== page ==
District authorities said they are taking the family’s concerns seriously, however some commune officials were uncertain of how to handle the case.
District Police Chief Ma Vichet said last week he had visited residents to inform them that death threats are illegal and they have no right to evict the families.
He said progress has been made, and many villagers have ceased to be aggressive to the family, yet he has drawn up a “blacklist” of locals who are adamant the ‘sorcerers’ should die. Unlike many in the village, he believes hygiene standards are more likely the cause of sickness.
“According to our research, they got sick because they live in poor sanitation, they drink water without boiling it and they eat with dirty hands,” he said.
If villagers refuse to listen to him he said he would station officers to surround the families’ homes.
Chhal Bean, the 49-year-old chief of Somkul village, said that he pities the five families and believed that they would face persecution wherever they go.
“I don’t know how to help because [the villagers] are ethnic people and they believe strongly in sorcery,” he said, adding that there are three tests to determine whether someone is a magician in ethnic Jarai culture.
Firstly, the accused must squeeze an egg between his or her hands – if it breaks easily the person is considered a sorcerer. Secondly, the
accused must hold their head underwater for as long as possible along with another villager. If the accused is the first to come up for air then they are guilty.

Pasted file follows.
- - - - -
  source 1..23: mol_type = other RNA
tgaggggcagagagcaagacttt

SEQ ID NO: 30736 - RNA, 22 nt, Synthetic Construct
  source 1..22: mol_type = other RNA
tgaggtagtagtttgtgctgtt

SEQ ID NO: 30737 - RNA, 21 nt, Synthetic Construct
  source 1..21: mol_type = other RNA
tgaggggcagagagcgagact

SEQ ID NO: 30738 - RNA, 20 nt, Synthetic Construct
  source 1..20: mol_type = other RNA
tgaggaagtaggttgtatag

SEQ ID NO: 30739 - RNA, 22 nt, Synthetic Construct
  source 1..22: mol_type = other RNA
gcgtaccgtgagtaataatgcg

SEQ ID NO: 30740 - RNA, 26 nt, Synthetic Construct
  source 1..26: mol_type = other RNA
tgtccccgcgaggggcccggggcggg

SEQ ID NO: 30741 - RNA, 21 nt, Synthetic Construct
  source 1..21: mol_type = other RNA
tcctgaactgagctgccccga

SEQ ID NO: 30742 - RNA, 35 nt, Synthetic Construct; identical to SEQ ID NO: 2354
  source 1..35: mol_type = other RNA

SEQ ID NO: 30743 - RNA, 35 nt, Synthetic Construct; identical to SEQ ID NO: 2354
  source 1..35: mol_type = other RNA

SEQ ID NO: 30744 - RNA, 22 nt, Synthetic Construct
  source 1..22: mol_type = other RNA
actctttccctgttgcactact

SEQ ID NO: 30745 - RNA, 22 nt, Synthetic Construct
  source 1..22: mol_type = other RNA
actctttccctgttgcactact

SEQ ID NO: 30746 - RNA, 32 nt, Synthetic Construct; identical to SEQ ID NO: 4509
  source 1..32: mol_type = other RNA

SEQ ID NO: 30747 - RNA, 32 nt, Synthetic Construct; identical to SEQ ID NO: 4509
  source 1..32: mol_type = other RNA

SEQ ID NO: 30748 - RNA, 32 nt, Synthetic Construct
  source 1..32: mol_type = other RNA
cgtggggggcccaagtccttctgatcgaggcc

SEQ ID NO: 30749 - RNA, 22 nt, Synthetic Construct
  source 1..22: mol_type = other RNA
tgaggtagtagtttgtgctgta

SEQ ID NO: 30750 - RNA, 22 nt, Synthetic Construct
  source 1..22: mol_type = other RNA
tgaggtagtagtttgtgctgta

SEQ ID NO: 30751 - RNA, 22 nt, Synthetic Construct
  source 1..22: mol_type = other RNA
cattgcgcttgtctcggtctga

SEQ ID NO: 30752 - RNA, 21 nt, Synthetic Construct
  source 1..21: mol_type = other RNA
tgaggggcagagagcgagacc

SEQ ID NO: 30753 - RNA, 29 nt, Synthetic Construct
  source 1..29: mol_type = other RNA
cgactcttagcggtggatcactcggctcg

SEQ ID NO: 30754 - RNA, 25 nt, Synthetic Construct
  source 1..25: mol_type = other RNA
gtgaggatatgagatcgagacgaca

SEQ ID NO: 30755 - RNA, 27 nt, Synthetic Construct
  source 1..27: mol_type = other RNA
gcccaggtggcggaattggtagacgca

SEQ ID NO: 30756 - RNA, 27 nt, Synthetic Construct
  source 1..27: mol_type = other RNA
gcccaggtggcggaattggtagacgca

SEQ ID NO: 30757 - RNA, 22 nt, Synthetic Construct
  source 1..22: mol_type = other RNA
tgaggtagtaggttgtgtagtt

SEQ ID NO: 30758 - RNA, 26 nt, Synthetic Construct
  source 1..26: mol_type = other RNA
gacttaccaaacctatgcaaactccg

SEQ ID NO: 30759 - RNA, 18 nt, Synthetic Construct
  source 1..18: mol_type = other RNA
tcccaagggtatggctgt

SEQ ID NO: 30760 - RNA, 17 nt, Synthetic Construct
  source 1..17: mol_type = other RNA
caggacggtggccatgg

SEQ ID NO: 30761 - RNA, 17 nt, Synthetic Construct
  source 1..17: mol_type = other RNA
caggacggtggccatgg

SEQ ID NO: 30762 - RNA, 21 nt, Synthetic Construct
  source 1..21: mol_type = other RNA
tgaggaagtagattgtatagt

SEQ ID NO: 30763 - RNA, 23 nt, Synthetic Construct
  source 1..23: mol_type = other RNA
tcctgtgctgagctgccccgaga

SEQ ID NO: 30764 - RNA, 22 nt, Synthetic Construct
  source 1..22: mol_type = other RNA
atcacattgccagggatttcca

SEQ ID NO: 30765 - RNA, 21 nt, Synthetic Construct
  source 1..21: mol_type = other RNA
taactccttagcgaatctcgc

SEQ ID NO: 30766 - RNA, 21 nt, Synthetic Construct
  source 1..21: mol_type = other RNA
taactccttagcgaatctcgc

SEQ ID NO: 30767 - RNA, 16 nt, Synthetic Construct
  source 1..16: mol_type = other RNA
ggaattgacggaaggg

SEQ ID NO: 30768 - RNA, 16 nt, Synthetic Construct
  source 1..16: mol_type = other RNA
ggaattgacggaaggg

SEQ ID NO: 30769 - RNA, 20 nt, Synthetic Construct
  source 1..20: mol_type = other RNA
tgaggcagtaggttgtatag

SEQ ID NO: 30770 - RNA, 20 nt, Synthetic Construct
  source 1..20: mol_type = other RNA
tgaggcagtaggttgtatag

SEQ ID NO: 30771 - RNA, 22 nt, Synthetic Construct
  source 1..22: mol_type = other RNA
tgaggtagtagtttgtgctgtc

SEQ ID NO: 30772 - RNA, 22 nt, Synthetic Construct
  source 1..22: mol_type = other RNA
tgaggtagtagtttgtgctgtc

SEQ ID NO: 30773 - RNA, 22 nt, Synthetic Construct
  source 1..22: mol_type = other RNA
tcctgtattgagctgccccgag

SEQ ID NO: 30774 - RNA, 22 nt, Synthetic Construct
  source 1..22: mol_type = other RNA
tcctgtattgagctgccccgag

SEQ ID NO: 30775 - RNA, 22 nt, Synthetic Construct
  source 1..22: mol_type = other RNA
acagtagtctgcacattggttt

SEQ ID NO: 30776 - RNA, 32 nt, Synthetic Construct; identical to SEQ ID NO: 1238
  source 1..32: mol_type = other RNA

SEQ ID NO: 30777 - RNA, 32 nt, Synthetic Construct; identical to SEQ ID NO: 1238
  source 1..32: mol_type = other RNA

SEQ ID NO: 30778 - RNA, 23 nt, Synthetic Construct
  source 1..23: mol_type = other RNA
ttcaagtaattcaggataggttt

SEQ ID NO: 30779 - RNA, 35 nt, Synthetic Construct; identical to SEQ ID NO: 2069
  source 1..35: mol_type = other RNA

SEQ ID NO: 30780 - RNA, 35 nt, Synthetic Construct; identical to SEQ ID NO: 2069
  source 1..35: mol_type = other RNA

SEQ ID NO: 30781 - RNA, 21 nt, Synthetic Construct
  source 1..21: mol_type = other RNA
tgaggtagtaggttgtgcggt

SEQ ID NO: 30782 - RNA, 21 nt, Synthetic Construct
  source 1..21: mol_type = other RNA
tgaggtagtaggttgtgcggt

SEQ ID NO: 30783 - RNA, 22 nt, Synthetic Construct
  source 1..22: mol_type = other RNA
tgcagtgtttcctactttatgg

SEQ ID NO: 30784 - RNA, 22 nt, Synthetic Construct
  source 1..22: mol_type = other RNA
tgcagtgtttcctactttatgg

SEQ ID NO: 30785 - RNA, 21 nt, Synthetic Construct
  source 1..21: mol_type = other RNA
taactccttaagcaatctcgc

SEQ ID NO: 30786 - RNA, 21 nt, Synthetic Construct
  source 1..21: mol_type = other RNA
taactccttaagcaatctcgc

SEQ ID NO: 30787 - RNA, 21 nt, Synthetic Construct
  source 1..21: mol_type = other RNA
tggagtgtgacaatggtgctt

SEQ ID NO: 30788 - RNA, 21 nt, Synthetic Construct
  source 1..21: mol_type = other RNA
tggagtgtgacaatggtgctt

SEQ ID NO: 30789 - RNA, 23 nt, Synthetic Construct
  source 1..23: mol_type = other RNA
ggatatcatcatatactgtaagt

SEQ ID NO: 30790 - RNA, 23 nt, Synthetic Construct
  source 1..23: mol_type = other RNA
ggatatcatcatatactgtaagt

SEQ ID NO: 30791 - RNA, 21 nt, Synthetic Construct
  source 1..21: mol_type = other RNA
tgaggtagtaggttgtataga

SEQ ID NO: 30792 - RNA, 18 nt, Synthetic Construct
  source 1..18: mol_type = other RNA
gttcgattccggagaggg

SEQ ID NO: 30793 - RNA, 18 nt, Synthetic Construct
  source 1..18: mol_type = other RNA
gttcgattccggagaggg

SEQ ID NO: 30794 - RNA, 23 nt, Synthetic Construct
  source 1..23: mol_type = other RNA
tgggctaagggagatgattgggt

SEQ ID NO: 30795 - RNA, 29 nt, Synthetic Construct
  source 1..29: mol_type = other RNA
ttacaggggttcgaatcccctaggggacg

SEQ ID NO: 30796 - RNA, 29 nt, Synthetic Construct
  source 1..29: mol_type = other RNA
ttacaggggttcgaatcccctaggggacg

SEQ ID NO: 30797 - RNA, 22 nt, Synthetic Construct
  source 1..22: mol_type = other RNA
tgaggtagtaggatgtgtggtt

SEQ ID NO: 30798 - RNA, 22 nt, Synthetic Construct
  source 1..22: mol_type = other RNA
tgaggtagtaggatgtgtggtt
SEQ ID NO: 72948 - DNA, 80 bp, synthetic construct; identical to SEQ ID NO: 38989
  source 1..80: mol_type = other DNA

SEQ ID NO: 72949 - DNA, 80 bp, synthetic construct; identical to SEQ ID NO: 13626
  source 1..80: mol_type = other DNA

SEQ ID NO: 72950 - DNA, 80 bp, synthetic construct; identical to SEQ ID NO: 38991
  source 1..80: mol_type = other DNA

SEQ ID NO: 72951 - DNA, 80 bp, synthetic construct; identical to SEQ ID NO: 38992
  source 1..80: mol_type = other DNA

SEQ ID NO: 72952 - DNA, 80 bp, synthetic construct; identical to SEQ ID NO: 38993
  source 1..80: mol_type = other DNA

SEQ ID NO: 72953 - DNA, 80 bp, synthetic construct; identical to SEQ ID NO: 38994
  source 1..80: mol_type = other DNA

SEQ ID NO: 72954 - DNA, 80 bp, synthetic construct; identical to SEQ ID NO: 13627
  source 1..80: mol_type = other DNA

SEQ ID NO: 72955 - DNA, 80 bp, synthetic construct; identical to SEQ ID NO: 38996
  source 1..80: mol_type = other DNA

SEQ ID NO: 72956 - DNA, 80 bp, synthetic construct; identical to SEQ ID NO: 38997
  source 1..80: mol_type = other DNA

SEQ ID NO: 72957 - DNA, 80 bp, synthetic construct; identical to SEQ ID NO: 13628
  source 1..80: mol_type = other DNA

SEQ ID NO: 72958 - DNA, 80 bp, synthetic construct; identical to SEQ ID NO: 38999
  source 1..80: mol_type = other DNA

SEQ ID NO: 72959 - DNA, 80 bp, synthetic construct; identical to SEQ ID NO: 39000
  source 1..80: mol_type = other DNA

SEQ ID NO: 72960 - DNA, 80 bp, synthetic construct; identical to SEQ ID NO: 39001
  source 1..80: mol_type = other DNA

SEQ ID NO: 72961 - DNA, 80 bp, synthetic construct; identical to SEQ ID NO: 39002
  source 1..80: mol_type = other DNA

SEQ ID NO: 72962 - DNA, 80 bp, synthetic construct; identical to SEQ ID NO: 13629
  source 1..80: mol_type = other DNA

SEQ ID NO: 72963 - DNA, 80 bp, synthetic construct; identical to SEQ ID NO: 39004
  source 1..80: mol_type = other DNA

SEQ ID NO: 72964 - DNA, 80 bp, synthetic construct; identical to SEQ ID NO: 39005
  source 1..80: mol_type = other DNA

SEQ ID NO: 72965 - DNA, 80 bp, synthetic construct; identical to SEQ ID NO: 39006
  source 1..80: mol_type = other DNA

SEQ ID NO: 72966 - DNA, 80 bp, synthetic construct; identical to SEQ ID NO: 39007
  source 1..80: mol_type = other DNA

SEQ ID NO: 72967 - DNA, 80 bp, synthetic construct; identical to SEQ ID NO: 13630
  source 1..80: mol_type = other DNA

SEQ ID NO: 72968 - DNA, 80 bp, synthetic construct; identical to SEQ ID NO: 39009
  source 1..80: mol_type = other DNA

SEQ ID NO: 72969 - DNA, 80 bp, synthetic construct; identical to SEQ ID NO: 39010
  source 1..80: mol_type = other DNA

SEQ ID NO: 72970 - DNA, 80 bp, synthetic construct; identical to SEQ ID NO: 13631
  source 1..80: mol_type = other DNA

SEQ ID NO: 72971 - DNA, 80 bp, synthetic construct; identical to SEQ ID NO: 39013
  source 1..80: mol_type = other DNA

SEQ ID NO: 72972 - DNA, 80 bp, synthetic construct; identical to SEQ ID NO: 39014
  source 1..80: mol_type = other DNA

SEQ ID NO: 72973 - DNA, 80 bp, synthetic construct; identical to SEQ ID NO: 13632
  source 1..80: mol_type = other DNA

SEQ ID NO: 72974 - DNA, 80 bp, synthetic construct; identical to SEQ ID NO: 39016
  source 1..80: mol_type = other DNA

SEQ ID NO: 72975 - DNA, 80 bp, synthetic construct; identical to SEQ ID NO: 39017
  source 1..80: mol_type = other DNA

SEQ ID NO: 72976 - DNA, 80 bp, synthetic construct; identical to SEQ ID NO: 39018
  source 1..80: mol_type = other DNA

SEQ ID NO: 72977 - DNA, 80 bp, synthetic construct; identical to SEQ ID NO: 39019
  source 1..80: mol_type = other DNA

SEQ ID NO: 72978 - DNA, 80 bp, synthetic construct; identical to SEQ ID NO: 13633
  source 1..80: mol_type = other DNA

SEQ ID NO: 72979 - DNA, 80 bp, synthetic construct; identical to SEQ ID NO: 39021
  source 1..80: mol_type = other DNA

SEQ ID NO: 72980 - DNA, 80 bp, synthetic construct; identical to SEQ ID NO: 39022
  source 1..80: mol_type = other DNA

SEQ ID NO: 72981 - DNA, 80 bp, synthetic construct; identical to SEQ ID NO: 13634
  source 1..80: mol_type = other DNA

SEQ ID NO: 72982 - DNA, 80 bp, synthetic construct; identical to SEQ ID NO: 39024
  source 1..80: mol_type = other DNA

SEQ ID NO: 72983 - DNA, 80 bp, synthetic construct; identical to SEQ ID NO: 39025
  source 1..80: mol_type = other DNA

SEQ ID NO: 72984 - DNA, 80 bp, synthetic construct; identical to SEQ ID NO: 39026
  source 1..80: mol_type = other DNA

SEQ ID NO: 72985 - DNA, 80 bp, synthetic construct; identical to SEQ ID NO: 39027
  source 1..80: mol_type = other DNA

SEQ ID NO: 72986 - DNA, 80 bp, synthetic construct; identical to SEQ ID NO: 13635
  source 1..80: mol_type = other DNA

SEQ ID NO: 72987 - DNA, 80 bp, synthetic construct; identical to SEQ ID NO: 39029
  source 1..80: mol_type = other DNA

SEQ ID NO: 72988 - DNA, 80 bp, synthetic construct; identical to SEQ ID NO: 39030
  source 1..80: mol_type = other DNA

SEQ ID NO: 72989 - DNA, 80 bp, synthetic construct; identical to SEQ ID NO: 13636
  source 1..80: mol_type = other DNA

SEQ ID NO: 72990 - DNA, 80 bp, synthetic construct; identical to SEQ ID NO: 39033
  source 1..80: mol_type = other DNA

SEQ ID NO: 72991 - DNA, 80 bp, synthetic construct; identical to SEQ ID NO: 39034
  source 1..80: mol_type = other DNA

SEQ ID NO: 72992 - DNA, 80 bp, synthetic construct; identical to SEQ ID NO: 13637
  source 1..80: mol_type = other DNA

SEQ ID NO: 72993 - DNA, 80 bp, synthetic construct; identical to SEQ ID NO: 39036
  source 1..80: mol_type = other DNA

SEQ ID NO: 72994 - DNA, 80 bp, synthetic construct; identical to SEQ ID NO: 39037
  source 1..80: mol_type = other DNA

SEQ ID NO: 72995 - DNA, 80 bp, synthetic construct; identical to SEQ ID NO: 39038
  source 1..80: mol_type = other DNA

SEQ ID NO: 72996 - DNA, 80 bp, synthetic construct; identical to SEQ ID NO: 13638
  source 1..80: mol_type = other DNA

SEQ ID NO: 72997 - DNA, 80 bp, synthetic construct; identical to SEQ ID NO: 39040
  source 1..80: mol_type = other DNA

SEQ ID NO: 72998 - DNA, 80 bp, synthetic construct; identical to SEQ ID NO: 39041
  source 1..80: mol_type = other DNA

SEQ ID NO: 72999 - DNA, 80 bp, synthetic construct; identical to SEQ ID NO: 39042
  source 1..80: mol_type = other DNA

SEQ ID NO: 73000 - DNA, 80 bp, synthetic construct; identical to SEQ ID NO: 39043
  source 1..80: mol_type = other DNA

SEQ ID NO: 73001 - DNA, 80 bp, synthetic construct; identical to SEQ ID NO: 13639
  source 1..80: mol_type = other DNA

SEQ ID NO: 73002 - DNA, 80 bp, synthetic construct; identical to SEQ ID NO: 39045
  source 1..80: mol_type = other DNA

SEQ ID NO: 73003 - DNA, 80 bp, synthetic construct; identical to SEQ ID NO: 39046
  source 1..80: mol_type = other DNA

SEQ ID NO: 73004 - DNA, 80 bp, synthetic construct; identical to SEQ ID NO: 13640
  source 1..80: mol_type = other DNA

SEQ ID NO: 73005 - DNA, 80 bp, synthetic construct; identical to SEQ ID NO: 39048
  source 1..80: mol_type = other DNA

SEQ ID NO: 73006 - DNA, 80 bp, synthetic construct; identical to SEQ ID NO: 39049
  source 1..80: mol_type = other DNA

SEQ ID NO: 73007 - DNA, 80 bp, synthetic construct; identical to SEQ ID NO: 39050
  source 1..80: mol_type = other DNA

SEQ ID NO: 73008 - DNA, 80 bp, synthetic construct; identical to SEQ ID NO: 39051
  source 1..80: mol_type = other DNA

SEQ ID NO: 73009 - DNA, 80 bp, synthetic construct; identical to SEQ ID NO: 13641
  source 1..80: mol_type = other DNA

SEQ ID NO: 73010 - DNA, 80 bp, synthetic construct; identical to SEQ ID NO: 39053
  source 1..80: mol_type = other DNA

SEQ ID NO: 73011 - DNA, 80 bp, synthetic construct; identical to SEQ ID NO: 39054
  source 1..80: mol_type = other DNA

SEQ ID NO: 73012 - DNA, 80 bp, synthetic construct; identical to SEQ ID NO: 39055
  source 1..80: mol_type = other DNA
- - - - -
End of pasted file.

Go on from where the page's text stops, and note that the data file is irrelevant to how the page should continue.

The third test is the dropping of molten lead into the palm. If the accused is burned they are deemed guilty.
Rocham Char claimed that he had carried out this task, which left his hand unscathed, though some villagers believe he wrapped his hand in a thick cloth beforehand.
As the stand-off continues, there is little the family can do but wait.
But they are not the first to be the target of black magic rumours.
Pen Bunna, provincial coordinator for rights group Adhoc, said that from 2003 to 2011 the organisation received six complaints over sorcery cases in the province.
Of those, two families decided to move their houses for safety reasons while three alleged sorcerers were killed in 2003.
“In this case, we will try to help the family to stay in the village and educate villagers to focus on health when they get sick instead of focusing on sorcery,” he said.
“We want them to forget about sorcery.”
However, that could prove to be difficult.
Across the village sits Kloeun Nhieu, a 25-year-old ethnic Jarai woman who has become ill on numerous occasions. She claims it is a direct result of Rocham Char cursing her because she refused to marry into his family.
Although she sought help from a health centre in the province for pain throughout her body, her condition didn’t improve. She ultimately sought out the help of a fortune teller – who warned her that Rocham Char had cursed her.
The fortune teller told her she would have to sacrifice a pig in the name of the sorcerer to recover from her illness. After the sacrifice, she claimed, her condition dramatically improved.
“Even thought he swears to villagers [that he isn’t a sorcerer] we don’t believe him,” she said, explaining that if the families refuse to leave the village then other residents will kill them.
“We cannot live with sorcery,” she said.